Sharon links Arafat siege to Iraq war
JERUSALEM — In the face of mounting international criticism, Israeli Prime Minister Ariel Sharon says the real reason for his siege of Yasser Arafat is to prevent Palestinians from escalating militant attacks in the run-up to a U.S. war on Iraq.
"A great deal of thought went into the operations in Ramallah," Sharon said in a wide-ranging exclusive interview with the Jerusalem Post published today.
"I see here a Palestinian intention to escalate the terror attacks before a possible U.S. action in Iraq. Their operating assumption is that as the U.S. operation against Iraq gets closer, it will become more difficult for Israel to act against them because Israel will not want to make things difficult for the U.S. administration."
Sharon told the Post it was never his intention to physically harm the Palestinian leader, but rather to shrink the operational space of suspected militants believed trapped with Arafat in his besieged Ramallah headquarters.
"The problem is that this sort of operation involves the possibility of physically harming Arafat ... so I didn't order (troops) in," Sharon said.
"We took down the buildings in the compound and left him in a little hovel. We took them down until we got to the point where any further action was liable to cause the structure he is in to fall on top of him."
The prime minister's comments came amid signs Israel may be ready to back away from the week-long standoff, which has been mired in futile negotiation as the Sharon administration bears the brunt of political attack, including censure from the United Nations Security Council.
Israel may be willing to drop its demand that Arafat hand over as many as 50 suspected militants in exchange for assurances they will be placed under "genuine arrest" in the West Bank, a senior Israeli source told the Ha'aretz newspaper.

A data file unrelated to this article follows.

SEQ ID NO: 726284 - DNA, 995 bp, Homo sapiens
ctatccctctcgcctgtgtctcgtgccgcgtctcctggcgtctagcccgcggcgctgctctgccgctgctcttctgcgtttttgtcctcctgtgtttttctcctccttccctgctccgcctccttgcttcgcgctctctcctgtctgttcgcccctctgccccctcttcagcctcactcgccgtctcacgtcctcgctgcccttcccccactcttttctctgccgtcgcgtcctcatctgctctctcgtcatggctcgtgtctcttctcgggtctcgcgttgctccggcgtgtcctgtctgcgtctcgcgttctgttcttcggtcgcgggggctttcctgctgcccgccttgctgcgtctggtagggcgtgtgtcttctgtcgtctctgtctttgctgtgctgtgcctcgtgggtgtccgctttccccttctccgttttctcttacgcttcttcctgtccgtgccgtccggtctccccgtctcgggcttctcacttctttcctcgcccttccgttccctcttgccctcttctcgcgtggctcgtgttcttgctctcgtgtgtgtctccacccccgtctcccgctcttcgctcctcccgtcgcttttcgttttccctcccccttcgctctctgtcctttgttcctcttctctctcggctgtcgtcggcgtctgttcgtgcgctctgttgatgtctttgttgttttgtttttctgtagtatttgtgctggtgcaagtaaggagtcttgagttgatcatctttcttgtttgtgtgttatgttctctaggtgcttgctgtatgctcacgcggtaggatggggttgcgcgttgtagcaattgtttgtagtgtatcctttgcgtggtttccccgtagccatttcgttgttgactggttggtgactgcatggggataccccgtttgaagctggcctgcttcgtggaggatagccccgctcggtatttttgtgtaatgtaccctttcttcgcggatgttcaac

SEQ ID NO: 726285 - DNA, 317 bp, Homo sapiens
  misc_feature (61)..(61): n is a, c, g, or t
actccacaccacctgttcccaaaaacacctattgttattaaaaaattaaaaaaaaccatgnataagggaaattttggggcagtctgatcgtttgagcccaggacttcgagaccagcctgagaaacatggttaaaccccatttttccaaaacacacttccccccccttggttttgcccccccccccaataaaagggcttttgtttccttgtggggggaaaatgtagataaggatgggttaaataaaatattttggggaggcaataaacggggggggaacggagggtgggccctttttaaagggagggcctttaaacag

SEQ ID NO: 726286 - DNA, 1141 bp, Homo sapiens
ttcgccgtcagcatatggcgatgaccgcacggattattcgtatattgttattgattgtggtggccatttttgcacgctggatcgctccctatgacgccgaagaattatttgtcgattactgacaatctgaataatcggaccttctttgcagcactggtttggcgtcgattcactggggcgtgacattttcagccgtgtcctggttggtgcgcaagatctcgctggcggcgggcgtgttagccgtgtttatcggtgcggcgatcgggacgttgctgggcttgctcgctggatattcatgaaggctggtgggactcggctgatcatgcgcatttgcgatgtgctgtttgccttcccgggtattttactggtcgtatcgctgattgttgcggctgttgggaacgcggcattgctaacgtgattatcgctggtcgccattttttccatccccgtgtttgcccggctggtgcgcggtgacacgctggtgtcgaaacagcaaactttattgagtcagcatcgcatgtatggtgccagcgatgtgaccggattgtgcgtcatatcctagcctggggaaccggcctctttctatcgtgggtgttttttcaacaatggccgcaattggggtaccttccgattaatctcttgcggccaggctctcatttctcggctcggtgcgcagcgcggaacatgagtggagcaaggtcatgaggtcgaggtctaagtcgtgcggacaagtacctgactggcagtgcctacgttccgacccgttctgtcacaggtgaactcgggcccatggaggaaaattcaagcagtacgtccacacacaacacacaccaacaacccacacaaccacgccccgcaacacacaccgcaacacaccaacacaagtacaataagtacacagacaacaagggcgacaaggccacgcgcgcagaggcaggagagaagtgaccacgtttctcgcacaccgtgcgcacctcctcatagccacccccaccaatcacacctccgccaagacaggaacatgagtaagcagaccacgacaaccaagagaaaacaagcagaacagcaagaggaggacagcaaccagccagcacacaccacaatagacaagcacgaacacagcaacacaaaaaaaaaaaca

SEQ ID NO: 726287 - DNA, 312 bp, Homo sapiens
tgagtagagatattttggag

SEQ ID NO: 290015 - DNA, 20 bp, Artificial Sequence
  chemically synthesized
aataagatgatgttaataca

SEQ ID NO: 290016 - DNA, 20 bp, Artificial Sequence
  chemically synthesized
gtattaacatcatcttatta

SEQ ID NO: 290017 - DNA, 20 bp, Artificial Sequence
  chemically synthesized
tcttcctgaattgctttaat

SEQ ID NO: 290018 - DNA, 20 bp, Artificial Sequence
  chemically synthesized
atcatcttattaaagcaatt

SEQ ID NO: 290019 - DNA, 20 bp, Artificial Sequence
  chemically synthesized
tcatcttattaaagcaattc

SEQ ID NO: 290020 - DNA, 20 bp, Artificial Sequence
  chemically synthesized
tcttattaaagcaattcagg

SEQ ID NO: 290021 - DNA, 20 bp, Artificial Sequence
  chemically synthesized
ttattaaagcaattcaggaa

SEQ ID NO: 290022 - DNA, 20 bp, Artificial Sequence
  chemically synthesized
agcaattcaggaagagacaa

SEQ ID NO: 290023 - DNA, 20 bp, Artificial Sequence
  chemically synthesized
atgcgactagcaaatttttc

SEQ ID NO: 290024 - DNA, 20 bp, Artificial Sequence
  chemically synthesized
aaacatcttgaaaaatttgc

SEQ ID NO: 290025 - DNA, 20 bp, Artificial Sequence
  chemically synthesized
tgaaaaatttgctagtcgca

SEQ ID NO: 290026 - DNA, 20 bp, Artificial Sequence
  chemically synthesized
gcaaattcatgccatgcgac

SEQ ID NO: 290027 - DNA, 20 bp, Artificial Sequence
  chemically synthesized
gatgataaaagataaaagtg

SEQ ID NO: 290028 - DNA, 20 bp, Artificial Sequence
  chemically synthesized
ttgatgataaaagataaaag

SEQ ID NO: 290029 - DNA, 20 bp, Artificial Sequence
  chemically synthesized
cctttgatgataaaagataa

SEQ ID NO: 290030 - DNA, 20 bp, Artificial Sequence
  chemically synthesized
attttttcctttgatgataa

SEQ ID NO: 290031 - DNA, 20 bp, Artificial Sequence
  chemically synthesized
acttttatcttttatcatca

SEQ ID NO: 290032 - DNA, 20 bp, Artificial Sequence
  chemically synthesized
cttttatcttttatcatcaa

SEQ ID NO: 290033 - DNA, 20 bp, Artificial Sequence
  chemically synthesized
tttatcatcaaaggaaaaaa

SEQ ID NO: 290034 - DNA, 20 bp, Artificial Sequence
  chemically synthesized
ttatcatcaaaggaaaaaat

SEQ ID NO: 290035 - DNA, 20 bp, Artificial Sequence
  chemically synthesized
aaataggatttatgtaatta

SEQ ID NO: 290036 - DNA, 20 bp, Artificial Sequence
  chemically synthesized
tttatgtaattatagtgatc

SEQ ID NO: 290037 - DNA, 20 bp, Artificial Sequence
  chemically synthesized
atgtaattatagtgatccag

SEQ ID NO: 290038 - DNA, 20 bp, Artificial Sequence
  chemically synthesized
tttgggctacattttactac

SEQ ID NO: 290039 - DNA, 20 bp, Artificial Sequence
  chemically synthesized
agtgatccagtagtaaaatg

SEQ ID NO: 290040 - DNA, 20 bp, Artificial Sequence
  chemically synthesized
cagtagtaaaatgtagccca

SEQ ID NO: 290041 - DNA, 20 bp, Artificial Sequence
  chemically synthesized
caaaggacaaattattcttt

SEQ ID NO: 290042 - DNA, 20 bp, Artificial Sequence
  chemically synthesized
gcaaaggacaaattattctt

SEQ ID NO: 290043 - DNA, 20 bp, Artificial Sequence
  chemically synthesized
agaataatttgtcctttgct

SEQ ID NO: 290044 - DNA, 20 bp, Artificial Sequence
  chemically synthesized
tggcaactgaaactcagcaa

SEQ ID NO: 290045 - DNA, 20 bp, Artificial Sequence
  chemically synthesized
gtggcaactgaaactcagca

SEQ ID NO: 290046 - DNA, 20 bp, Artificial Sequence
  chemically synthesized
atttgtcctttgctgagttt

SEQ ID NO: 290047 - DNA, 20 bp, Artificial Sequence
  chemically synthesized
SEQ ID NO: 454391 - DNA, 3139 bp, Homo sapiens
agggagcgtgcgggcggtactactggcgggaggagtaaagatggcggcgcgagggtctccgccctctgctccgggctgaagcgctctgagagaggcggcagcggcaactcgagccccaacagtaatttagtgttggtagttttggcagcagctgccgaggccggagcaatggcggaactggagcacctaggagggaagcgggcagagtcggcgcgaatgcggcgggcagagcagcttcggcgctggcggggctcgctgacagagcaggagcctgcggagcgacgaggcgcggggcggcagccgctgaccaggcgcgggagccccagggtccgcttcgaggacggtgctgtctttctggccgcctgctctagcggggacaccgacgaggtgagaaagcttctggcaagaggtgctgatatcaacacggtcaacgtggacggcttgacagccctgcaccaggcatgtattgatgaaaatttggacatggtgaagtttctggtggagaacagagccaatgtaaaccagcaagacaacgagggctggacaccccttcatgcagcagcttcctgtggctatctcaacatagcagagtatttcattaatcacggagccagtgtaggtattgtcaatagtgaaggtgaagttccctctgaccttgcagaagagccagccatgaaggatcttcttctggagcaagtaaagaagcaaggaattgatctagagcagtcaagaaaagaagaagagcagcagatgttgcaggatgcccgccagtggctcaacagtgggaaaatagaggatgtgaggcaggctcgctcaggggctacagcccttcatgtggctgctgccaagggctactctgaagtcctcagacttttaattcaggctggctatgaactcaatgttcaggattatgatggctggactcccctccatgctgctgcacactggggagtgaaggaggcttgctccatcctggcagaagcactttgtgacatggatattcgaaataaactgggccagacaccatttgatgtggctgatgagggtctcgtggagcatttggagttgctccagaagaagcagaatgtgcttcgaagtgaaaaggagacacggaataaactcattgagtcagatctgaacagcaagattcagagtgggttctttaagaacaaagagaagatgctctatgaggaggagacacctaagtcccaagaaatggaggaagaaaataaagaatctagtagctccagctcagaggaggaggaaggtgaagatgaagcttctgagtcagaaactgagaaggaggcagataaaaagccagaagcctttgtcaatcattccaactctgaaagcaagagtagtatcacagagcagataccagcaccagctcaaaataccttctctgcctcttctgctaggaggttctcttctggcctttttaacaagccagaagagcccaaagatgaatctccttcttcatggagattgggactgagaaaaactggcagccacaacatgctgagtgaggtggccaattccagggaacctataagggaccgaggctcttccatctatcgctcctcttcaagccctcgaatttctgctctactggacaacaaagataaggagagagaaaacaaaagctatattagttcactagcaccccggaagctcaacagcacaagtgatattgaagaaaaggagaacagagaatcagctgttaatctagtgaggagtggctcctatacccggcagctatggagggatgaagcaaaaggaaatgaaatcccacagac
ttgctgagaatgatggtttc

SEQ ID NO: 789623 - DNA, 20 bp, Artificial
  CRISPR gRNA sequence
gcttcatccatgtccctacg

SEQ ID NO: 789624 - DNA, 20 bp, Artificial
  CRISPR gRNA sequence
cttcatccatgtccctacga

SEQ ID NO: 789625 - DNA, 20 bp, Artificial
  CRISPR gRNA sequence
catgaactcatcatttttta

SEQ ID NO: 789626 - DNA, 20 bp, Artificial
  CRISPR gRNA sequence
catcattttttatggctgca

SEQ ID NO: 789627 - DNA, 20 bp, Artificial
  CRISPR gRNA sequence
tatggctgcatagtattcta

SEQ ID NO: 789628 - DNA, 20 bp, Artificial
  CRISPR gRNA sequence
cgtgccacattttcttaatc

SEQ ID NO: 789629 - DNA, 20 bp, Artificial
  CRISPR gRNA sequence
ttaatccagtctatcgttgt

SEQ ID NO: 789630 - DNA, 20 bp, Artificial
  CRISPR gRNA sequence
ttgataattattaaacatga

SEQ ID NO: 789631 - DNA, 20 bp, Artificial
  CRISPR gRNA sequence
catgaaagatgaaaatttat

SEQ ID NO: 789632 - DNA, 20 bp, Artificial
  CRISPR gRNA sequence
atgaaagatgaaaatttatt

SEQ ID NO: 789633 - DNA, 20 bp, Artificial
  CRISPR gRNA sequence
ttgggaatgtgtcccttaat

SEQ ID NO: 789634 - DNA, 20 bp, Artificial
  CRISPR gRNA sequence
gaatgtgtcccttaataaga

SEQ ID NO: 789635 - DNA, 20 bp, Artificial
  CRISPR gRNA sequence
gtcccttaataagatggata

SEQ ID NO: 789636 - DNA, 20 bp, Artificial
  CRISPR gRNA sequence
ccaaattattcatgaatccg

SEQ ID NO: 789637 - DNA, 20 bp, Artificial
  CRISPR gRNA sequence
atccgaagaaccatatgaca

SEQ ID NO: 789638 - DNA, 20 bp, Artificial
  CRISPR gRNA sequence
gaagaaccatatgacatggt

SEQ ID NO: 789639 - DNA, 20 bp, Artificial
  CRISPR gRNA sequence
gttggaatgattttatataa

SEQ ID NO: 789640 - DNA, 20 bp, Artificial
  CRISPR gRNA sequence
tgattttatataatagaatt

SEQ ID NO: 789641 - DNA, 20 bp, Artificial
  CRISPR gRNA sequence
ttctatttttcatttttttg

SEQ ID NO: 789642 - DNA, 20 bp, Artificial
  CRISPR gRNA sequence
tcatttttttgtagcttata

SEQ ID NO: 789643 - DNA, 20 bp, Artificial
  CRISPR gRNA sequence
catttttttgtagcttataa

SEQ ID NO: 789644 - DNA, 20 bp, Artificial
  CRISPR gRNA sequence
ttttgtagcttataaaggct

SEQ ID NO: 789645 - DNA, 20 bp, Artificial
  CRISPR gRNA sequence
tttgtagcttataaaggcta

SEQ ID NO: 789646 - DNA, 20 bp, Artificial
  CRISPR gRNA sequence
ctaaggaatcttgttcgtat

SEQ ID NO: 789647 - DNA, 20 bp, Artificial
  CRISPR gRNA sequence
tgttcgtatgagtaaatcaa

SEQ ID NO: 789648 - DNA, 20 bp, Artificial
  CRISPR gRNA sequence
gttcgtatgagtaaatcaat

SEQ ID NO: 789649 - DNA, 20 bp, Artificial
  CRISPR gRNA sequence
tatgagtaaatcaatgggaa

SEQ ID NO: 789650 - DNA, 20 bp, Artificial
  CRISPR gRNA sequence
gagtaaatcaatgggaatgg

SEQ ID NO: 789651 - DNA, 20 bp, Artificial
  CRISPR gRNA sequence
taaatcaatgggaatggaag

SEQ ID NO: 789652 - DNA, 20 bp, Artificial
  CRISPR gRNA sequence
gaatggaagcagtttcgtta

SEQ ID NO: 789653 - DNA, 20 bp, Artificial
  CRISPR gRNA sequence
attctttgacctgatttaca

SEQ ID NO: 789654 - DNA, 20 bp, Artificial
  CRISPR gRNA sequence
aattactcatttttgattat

The security official said the crisis can only come to an end if Israel gets "a satisfactory result" on the matter of the wanted men.
In his interview with the Post, Sharon described growing criticism of Israel by U.S. President George W. Bush over the siege as a disagreement between good friends.
Sharon also spelled out his policy on how Israel would respond in the event of an attack by Iraq, reserving the right to fight back if harm comes to its citizens regardless of U.S. calls for restraint.
"If Iraq attacks Israel, but does not hit population centres or cause casualties, our interest will be to not make it hard on the Americans," he said.
"If on the other hand, harm is done to Israel, if we suffer casualties or if non-conventional weapons of mass destruction are used against us, then definitely Israel will take the proper actions to defend its citizens."
But Sharon downplayed either scenario, saying the U.S. learned a lesson during the 1991 Persian Gulf War after not taking sufficient steps to eliminate Iraq's missile capabilities. During the first conflict, Iraq launched 39 Scud missiles toward Israel.
"Because (the U.S.) learned this lesson, I think that they will carry out the necessary operations to prevent a situation where Israel will need to take action," Sharon said.
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